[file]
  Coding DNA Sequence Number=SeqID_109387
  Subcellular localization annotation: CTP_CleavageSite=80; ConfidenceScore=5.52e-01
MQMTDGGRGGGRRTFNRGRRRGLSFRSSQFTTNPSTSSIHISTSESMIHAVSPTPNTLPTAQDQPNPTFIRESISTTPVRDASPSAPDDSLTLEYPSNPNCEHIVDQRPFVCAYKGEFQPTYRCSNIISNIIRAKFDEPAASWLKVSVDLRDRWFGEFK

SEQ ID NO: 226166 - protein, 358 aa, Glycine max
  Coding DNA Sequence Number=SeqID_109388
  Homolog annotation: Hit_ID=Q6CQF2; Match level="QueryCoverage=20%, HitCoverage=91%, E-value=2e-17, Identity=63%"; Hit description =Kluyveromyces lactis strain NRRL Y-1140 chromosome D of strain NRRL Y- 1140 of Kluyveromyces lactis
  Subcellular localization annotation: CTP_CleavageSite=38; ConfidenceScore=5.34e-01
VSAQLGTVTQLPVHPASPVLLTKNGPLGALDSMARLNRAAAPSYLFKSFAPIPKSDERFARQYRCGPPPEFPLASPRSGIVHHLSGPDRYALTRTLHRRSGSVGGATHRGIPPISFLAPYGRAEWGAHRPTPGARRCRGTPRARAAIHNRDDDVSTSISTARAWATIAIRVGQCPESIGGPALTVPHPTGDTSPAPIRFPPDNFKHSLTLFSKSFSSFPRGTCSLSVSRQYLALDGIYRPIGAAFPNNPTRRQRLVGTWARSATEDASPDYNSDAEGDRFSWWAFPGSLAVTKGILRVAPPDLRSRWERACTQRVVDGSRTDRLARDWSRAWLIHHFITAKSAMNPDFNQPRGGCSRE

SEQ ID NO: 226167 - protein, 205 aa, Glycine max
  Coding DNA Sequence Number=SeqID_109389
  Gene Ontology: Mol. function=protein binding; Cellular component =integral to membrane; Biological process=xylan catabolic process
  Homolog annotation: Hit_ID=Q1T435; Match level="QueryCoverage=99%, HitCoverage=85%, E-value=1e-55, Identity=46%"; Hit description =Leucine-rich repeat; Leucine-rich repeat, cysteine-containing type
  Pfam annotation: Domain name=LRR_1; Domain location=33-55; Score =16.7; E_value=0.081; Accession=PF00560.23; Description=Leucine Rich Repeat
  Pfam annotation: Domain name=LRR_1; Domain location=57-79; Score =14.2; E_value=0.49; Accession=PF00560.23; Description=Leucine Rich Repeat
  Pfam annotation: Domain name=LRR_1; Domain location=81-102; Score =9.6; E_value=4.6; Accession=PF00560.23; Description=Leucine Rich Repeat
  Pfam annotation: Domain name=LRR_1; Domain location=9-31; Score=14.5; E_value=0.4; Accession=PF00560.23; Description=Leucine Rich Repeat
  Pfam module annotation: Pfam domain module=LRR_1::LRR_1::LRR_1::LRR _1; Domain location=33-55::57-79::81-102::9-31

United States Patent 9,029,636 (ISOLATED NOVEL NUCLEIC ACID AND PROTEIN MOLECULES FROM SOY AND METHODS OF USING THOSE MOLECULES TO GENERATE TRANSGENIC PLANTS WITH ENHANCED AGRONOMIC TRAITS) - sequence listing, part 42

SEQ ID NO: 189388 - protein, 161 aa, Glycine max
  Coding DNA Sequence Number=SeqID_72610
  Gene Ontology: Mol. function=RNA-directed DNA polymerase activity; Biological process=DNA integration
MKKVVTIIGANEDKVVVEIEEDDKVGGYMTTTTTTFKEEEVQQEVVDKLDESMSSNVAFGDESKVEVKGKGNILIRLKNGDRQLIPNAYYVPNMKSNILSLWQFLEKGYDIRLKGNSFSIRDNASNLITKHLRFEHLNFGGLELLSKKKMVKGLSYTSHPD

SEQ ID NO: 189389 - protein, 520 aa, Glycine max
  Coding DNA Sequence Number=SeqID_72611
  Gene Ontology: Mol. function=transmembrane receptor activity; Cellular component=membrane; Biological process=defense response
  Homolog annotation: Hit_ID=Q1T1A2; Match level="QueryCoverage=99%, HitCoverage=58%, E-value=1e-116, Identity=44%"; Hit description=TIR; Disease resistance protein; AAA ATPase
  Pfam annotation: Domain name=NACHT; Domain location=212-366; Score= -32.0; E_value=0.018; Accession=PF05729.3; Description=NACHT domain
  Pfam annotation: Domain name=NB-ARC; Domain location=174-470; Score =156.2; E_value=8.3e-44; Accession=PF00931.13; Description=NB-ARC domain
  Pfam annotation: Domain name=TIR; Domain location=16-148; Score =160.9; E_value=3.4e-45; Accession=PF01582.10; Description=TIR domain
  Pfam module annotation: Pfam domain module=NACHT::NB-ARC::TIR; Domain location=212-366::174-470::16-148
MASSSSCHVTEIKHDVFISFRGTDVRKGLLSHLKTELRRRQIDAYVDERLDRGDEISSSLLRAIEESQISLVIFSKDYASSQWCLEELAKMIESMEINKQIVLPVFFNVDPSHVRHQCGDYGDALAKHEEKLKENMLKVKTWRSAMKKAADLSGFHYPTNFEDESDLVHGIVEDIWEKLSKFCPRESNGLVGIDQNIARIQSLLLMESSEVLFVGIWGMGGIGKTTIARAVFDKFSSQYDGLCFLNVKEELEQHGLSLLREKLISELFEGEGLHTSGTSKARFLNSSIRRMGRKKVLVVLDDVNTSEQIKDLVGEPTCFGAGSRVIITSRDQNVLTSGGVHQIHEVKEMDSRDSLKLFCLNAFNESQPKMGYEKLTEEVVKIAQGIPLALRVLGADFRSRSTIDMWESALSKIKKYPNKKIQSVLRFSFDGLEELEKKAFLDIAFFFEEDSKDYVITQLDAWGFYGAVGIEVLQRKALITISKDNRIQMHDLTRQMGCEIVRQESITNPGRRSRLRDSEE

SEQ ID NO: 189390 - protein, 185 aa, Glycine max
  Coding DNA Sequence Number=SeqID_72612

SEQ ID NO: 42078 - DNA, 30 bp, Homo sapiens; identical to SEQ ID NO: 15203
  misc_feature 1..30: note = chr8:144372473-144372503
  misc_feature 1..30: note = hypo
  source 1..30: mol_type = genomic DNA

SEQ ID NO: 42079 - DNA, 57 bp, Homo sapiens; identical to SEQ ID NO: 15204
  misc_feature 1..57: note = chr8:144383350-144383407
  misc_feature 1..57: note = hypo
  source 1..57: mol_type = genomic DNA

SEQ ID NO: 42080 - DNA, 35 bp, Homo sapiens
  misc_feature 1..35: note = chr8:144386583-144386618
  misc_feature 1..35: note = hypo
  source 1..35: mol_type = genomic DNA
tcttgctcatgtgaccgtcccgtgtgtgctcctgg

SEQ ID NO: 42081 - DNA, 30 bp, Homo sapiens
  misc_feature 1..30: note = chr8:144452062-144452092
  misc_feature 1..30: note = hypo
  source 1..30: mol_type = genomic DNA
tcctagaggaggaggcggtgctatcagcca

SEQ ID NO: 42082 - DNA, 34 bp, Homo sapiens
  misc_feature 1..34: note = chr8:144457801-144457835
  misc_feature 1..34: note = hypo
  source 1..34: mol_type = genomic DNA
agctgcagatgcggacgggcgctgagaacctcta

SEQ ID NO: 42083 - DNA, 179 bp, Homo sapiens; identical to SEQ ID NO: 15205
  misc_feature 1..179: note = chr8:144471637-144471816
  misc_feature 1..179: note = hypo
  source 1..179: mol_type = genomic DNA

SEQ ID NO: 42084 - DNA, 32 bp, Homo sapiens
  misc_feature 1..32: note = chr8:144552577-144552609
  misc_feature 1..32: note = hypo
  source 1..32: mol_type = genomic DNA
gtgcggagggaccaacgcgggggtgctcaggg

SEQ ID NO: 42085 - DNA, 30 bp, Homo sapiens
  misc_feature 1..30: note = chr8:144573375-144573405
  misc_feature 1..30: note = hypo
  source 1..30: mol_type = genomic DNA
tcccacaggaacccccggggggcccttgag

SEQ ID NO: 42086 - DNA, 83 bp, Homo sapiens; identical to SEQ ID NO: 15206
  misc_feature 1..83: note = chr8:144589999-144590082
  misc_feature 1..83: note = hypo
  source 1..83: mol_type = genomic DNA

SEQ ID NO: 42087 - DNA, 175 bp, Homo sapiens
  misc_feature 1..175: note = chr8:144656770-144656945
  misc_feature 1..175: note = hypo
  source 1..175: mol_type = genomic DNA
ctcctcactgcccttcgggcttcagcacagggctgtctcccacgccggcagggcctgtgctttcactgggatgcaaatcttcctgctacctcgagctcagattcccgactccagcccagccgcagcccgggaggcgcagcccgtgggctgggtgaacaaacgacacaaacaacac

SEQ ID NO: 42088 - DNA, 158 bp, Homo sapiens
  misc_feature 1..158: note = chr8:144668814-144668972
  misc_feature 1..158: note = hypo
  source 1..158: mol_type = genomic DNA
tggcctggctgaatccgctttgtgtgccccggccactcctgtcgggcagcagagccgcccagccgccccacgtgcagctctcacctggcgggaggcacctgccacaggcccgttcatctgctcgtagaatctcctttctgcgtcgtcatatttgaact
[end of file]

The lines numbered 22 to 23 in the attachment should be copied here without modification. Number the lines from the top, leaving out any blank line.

MKKVVTIIGANEDKVVVEIEEDDKVGGYMTTTTTTFKEEEVQQEVVDKLDESMSSNVAFGDESKVEVKGKGNILIRLKNGDRQLIPNAYYVPNMKSNILSLWQFLEKGYDIRLKGNSFSIRDNASNLITKHLRFEHLNFGGLELLSKKKMVKGLSYTSHPD

SEQ ID NO: 189389 - protein, 520 aa, Glycine max